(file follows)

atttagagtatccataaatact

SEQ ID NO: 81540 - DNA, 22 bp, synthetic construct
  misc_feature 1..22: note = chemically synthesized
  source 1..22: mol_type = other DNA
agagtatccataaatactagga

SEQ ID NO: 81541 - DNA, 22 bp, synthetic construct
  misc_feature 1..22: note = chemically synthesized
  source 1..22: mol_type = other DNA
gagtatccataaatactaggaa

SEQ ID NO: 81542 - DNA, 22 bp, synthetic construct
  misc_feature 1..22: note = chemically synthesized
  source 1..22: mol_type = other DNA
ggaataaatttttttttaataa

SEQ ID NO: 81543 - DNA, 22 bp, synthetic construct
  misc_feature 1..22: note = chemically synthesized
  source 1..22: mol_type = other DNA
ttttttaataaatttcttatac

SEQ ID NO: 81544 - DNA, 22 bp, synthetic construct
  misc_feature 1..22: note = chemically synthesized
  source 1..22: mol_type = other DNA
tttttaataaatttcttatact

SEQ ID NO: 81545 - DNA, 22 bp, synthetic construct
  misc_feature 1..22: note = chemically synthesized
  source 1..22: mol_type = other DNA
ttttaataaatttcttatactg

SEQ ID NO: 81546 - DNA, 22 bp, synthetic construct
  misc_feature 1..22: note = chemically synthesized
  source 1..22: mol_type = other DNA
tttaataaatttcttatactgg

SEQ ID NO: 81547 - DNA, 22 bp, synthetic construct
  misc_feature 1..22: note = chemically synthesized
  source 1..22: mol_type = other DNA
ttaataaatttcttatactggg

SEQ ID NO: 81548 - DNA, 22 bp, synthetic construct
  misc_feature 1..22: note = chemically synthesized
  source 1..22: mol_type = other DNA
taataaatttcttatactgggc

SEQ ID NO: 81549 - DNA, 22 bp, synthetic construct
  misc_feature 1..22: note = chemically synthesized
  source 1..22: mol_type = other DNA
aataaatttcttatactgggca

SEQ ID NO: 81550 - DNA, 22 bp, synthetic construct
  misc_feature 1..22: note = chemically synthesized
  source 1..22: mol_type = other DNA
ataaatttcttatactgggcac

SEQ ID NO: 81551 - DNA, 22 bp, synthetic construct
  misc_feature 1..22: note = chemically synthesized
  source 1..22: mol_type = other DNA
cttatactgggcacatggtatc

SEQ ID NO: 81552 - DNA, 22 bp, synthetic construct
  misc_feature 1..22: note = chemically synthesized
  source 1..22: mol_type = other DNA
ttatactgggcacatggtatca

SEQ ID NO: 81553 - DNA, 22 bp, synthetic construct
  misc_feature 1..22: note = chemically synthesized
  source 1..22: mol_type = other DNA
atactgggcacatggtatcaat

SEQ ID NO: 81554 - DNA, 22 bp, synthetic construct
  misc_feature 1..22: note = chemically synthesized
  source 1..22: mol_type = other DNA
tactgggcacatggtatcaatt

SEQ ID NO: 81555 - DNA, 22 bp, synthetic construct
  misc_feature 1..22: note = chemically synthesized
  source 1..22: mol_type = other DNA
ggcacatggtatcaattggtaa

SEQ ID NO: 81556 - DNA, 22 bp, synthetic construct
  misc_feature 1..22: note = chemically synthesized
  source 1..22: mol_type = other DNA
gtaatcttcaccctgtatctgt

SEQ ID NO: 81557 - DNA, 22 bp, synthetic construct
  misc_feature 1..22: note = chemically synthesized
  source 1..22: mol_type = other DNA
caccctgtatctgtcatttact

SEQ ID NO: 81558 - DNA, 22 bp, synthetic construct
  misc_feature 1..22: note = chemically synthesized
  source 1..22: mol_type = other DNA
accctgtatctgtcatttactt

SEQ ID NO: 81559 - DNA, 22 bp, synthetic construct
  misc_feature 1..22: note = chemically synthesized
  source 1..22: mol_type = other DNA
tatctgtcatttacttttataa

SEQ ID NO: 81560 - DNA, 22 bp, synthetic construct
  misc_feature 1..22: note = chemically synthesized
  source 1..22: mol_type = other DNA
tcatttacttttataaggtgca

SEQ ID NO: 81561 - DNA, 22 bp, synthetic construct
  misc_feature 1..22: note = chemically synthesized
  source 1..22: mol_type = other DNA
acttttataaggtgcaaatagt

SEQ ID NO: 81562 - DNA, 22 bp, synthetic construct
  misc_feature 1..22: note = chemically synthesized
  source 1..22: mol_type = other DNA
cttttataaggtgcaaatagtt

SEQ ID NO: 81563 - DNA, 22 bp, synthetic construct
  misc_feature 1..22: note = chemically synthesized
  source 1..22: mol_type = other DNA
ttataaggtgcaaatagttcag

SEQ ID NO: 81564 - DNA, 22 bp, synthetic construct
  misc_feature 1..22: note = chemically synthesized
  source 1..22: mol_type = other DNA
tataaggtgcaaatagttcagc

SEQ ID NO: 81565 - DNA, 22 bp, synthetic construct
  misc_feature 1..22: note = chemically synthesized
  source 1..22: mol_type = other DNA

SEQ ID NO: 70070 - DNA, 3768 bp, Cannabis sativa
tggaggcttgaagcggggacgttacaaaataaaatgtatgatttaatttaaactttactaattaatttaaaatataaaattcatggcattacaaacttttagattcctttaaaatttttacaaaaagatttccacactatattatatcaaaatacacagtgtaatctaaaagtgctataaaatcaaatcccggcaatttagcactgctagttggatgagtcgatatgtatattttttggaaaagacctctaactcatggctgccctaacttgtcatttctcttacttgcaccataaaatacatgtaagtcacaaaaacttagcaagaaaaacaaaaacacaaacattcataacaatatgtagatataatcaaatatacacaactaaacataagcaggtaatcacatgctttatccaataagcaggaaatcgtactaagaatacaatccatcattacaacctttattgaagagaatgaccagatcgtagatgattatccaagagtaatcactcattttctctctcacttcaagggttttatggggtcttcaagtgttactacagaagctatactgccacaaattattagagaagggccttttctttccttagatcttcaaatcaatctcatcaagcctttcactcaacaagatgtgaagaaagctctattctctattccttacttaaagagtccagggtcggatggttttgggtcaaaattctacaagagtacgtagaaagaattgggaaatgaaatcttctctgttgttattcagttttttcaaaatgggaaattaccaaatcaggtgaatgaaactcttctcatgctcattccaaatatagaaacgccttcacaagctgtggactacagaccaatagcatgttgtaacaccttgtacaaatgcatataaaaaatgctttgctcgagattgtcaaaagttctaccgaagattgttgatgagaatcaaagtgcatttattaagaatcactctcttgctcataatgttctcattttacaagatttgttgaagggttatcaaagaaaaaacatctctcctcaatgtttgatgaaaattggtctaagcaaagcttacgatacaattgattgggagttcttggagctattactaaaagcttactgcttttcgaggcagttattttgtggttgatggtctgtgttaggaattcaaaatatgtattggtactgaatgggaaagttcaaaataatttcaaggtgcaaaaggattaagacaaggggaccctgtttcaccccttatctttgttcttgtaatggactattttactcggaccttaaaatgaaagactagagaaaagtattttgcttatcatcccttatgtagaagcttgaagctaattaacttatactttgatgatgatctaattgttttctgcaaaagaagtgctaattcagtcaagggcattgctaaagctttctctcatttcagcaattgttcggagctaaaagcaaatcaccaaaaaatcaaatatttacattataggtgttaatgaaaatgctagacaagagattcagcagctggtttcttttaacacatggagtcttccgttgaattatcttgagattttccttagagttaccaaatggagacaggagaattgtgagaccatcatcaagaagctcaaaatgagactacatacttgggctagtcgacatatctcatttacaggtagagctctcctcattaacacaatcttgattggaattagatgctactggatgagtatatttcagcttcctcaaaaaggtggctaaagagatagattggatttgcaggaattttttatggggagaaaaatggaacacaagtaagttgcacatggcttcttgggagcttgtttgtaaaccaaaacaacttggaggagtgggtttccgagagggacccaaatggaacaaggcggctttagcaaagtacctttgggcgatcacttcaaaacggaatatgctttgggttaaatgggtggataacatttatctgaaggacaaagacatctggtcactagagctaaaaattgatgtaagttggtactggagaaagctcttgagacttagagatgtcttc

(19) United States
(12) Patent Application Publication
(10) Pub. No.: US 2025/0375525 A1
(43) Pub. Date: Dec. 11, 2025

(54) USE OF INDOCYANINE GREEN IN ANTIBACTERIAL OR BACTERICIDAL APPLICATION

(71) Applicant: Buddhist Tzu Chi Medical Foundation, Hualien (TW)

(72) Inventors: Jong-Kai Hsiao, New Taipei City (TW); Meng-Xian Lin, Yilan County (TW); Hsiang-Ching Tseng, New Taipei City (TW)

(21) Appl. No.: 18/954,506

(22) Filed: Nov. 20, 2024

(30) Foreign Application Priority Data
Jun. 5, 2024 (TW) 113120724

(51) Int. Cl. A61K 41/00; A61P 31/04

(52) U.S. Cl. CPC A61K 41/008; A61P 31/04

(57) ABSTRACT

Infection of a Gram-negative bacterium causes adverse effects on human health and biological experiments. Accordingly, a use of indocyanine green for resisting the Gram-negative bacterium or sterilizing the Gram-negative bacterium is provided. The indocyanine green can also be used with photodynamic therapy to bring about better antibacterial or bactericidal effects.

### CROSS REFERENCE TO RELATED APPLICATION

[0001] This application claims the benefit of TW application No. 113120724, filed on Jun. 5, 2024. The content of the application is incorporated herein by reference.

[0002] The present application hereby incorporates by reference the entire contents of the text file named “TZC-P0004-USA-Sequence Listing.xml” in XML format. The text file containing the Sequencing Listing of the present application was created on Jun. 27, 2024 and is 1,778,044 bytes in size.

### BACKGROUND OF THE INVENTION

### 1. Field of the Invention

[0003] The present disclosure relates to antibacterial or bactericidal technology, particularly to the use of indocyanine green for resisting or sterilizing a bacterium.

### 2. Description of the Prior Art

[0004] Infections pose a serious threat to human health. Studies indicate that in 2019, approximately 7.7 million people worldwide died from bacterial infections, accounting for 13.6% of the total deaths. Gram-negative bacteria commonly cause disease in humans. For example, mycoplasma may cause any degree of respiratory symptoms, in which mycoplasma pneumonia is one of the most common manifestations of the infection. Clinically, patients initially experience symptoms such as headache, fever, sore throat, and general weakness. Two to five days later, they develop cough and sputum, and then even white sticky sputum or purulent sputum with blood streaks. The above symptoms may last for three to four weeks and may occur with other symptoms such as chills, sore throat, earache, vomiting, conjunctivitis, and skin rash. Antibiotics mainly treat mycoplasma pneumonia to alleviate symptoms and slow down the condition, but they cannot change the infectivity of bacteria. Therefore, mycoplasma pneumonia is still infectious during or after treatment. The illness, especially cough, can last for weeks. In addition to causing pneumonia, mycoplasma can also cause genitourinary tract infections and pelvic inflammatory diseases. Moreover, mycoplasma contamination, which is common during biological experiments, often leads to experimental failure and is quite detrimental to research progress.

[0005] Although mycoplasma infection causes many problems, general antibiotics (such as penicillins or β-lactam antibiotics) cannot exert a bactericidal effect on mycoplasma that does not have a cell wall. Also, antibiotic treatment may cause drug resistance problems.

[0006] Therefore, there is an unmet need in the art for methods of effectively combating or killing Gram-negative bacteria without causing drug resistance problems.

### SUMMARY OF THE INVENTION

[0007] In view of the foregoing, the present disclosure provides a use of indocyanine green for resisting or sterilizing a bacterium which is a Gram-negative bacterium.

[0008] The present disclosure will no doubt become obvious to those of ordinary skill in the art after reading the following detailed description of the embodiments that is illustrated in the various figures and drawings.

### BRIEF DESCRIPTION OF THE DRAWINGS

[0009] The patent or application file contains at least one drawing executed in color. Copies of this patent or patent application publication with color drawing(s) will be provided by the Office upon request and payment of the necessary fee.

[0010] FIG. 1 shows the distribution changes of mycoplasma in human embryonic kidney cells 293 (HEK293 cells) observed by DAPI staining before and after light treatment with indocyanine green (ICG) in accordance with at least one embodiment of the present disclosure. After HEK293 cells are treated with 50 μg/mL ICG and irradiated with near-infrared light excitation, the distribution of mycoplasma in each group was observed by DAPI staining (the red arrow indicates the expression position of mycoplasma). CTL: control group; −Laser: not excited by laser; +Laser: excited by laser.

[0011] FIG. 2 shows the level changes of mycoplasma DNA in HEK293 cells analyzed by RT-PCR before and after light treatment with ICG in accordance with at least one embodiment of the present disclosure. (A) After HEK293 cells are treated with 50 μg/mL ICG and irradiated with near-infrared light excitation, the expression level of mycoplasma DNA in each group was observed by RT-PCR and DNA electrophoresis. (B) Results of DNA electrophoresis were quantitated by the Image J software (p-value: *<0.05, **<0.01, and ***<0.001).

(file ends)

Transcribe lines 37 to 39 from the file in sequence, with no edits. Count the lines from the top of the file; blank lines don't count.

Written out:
taataaatttcttatactgggc

SEQ ID NO: 81549 - DNA, 22 bp, synthetic construct
  misc_feature 1..22: note = chemically synthesized